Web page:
Would you have voted for Obama?

Few regular readers of Second Sight would have qualified to vote in the US presidential election, but my wife and I had a discussion on what we would have done.

The attractions of Obama are obvious, although a great popular landslide vote all too often ends in tears. But our main problem with Obama is that he actively supports both part-birth abortion and live-birth abortion. I am afraid that the next two paragraphs are not for the squeamish.

Part-birth abortion is a procedure whereby the baby is partially extracted by the legs, having been manipulated into breach position. While the head is still inside, the brains are literally sucked out, decreasing the size of the skull so that it can pass out easily. Dead, of course.

Live-birth abortion is just that. The baby is induced, born, and, by law, given a birth certificate. Ironically facilities for baptism are sometimes provided. But the baby must then be left to languish until it dies. This can take up to eight hours. And, to keep things trim, a death certificate must be provided. Oddly it seems that the baby is regarded both as a citizen and a condemned “product of abortion” at the same time. If that isn’t playing both ends against the middle, I’d like to know what is.

In our view, leaving aside “life” questions, we thought that Obama had the better platform. We don’t care for McCain for a number of reasons – Guantanamo Bay and state-sponsored torture being among them. But we remembered a certain country with a politician who had done much to benefit national pride and economic prospects. But he also singled out a category of human beings for removal and extermination. Would we have voted for him?

We decided that, were we US voters, we would have had to abstain. But what would you have done?

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About Quentin

Science Editor, Catholic Herald. Portrait © Jacqueline Alma
This entry was posted in Church and Society, Moral judgment. Bookmark the permalink.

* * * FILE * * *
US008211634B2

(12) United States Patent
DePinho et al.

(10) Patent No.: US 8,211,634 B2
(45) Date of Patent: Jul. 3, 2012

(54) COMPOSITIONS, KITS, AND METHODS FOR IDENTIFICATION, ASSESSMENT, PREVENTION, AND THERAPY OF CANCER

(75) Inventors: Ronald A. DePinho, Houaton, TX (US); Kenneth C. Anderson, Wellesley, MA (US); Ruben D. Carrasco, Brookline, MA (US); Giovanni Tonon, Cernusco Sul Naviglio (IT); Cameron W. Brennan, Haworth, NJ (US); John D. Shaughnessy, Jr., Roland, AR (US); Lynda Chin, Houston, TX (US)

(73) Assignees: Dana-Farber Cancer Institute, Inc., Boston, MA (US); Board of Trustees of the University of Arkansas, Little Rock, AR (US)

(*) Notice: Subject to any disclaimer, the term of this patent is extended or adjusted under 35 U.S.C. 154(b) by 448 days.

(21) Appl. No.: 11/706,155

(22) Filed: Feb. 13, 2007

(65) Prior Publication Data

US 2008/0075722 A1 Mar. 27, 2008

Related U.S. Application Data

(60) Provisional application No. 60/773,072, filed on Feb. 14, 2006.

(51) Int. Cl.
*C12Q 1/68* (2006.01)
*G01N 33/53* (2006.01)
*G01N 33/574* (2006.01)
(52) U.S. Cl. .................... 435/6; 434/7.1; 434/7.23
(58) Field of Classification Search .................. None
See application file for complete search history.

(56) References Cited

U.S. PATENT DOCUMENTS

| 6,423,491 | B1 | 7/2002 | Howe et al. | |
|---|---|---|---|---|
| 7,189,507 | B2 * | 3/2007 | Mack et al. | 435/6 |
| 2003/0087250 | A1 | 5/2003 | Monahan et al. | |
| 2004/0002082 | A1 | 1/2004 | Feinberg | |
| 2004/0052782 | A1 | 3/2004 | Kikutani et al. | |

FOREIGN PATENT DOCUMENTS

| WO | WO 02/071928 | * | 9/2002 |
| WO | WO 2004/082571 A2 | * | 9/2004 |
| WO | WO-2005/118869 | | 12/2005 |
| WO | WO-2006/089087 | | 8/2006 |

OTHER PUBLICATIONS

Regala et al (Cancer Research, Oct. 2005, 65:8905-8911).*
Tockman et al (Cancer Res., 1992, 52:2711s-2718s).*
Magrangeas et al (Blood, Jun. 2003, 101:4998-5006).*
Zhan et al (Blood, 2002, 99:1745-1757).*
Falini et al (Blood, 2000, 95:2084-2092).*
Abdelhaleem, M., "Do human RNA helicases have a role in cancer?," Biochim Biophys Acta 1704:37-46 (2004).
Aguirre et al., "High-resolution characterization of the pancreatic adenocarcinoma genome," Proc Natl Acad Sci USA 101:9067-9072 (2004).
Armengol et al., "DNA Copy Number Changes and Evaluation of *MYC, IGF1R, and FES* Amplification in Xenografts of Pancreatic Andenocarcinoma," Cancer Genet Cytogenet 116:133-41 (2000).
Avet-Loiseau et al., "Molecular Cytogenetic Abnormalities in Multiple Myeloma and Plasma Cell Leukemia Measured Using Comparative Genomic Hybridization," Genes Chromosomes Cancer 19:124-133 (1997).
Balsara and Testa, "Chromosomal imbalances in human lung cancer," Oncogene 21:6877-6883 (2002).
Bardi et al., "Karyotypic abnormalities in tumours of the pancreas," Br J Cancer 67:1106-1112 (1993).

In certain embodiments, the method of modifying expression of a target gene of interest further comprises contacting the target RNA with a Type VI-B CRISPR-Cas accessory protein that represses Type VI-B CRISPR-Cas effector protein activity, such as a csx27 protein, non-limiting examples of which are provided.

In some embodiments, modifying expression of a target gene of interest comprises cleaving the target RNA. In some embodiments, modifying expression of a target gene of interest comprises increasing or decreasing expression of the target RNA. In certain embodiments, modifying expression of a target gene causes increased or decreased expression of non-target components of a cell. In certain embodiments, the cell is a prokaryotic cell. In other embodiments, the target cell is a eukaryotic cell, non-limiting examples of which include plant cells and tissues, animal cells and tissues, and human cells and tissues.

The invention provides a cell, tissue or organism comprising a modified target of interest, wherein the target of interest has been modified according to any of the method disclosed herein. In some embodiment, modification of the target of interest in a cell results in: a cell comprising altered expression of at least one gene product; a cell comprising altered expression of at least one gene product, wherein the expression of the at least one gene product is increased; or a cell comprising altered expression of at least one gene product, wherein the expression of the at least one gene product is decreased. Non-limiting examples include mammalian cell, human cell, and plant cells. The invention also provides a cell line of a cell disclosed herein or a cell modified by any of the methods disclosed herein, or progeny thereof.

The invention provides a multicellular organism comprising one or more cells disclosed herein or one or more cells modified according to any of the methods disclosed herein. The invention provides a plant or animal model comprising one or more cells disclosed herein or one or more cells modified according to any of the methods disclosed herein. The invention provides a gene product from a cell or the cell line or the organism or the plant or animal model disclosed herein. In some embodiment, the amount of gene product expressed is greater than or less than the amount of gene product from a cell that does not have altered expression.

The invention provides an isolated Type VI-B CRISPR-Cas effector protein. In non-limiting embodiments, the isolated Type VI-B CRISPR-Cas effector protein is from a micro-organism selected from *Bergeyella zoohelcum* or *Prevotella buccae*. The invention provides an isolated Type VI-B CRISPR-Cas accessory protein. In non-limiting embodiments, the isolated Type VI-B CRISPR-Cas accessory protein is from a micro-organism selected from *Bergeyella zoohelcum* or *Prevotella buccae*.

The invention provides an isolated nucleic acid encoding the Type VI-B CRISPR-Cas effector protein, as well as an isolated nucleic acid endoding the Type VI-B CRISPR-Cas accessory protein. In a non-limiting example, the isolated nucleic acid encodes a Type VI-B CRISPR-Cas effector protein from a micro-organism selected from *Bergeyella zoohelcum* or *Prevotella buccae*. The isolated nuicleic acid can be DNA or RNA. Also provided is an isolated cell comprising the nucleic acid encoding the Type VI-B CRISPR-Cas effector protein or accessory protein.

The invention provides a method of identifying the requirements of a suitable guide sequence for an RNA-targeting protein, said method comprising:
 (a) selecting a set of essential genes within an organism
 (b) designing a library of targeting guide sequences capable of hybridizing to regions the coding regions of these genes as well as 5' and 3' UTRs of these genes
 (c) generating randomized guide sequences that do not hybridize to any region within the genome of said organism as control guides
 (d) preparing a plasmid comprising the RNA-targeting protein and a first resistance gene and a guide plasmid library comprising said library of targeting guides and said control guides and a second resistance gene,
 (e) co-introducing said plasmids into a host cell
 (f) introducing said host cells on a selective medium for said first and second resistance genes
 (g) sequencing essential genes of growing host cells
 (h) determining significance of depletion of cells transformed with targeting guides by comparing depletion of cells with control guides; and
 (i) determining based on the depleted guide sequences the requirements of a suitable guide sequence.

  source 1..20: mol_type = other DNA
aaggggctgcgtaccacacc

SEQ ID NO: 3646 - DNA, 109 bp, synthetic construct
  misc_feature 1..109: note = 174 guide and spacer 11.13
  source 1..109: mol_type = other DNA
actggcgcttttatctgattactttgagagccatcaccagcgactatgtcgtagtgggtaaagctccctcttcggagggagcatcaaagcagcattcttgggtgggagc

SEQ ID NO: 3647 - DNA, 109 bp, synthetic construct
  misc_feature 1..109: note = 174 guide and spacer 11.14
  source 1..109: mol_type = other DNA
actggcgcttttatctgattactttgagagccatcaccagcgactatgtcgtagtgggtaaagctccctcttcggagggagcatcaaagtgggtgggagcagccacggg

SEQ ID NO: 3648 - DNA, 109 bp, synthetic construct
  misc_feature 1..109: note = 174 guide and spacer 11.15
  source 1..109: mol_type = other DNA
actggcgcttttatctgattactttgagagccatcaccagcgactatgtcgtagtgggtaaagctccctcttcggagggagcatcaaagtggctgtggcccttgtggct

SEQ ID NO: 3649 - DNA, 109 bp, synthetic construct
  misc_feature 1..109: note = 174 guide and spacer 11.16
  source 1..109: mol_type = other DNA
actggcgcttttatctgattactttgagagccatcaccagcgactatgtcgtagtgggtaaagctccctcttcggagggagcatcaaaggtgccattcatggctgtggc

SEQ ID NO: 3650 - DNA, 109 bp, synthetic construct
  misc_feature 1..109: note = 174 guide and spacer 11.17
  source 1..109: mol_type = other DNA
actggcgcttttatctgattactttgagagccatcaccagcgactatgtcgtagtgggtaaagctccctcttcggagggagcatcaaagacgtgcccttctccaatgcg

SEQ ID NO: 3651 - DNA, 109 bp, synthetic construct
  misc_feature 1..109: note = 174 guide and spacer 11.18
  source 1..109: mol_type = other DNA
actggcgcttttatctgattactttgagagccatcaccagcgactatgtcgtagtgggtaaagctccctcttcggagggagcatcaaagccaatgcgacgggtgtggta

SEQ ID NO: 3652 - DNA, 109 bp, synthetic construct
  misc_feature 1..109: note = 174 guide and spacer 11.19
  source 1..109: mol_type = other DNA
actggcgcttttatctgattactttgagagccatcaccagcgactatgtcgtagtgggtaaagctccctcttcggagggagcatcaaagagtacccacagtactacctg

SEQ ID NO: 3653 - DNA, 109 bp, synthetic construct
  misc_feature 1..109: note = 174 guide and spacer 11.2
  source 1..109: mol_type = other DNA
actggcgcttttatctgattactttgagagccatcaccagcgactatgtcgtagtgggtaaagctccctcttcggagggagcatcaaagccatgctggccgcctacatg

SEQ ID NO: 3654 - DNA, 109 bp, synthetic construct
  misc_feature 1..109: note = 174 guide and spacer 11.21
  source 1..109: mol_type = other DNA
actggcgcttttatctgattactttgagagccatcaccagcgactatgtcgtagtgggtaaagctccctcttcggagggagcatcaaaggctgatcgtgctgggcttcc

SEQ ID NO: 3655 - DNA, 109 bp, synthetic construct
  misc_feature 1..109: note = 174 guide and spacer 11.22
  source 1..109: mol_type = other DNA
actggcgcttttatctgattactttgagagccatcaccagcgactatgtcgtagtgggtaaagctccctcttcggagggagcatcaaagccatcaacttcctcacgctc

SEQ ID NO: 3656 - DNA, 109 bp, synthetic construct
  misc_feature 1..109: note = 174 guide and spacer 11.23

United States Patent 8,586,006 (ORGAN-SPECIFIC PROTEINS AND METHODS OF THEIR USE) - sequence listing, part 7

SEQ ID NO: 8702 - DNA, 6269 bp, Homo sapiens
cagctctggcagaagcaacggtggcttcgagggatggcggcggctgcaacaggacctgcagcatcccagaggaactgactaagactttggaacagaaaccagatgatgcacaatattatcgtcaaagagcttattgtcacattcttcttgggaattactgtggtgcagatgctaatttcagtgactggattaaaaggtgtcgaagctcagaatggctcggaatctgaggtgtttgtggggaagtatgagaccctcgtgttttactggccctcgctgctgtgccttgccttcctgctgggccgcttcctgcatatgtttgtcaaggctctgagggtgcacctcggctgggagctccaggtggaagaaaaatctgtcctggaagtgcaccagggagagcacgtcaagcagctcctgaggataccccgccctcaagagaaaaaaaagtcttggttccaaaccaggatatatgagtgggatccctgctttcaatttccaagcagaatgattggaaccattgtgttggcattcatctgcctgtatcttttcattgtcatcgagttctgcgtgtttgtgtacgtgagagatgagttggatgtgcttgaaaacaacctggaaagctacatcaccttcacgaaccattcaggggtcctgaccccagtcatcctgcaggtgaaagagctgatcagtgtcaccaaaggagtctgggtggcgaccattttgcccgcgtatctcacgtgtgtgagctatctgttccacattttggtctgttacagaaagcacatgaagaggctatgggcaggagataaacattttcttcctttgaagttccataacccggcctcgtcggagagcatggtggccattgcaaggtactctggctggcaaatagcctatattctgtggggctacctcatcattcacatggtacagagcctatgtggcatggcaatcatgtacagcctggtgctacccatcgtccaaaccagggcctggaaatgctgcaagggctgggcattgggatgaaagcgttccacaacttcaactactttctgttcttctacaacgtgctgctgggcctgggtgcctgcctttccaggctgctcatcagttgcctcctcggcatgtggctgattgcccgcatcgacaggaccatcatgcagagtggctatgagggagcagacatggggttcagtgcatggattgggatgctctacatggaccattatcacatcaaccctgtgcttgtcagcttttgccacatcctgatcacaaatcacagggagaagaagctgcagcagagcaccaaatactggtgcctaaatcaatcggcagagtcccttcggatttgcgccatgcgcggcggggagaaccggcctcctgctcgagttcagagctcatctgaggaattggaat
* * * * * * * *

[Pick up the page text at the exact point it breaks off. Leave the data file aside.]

11 Responses to Would you have voted for Obama?

  1. James H. says:

    I followed the election run-up on my favourite blog, Catholic And Enjoying It, by the talented Mark Shea. Mr Shea had what I thought was an ethical suggestion: vote for a third candidate, no matter how quixotic or doomed they seemed to be. When faced with a choice between candidate who wanted to start WWIII, and another who was a baby-butcher, it was hard to discern which was the less of two evils.

    Many commentators on his blog begged to disagree – in fact he was accused of helping Obama to win, even though he was hilariously disdainful of the messianic hype.

    Though I think it wonderful that a non-white man (he’s not really black, as it happens) could become president of the US, I am extremely uneasy about the Obamessiah. There’s a rather strong word for a politician who can make his followers believe in his ability to bring about heaven on Earth, though I hesitate to use it: it starts with the term ‘Anti’.

  2. Frank says:

    Quentin refers to Hitler, I take it; and James H refers to the Anti-Christ. I agree with the sentiments of both; I think I would have abstained – or voted for Huckabee (if that had been possible?)

    It is truly a tragedy that this President-elect – whose election is the fruit of the great Civil Rights movement and whose wife is the great-grand-daughter of slaves – should be so anti-life.

  3. tim says:

    No.

    But most of us will wish him well, now he has been elected. All candidates for election try to make us hear what we want to hear, and ignore the rest. I hope he will succeed in uniting the American people. That will mean discarding any promises to liberalise abortion.

  4. Frank says:

    I fear he is already on record as saying he will remove the Presidential vetoes, re stem cell research and partial birth abortions, as soon as he is in office. He has the power to do this, apparently, without going to Congress. The instant George W Bush gained power, he vetoed partial birth abortions. Obama is set to undo this with a stroke of the pen.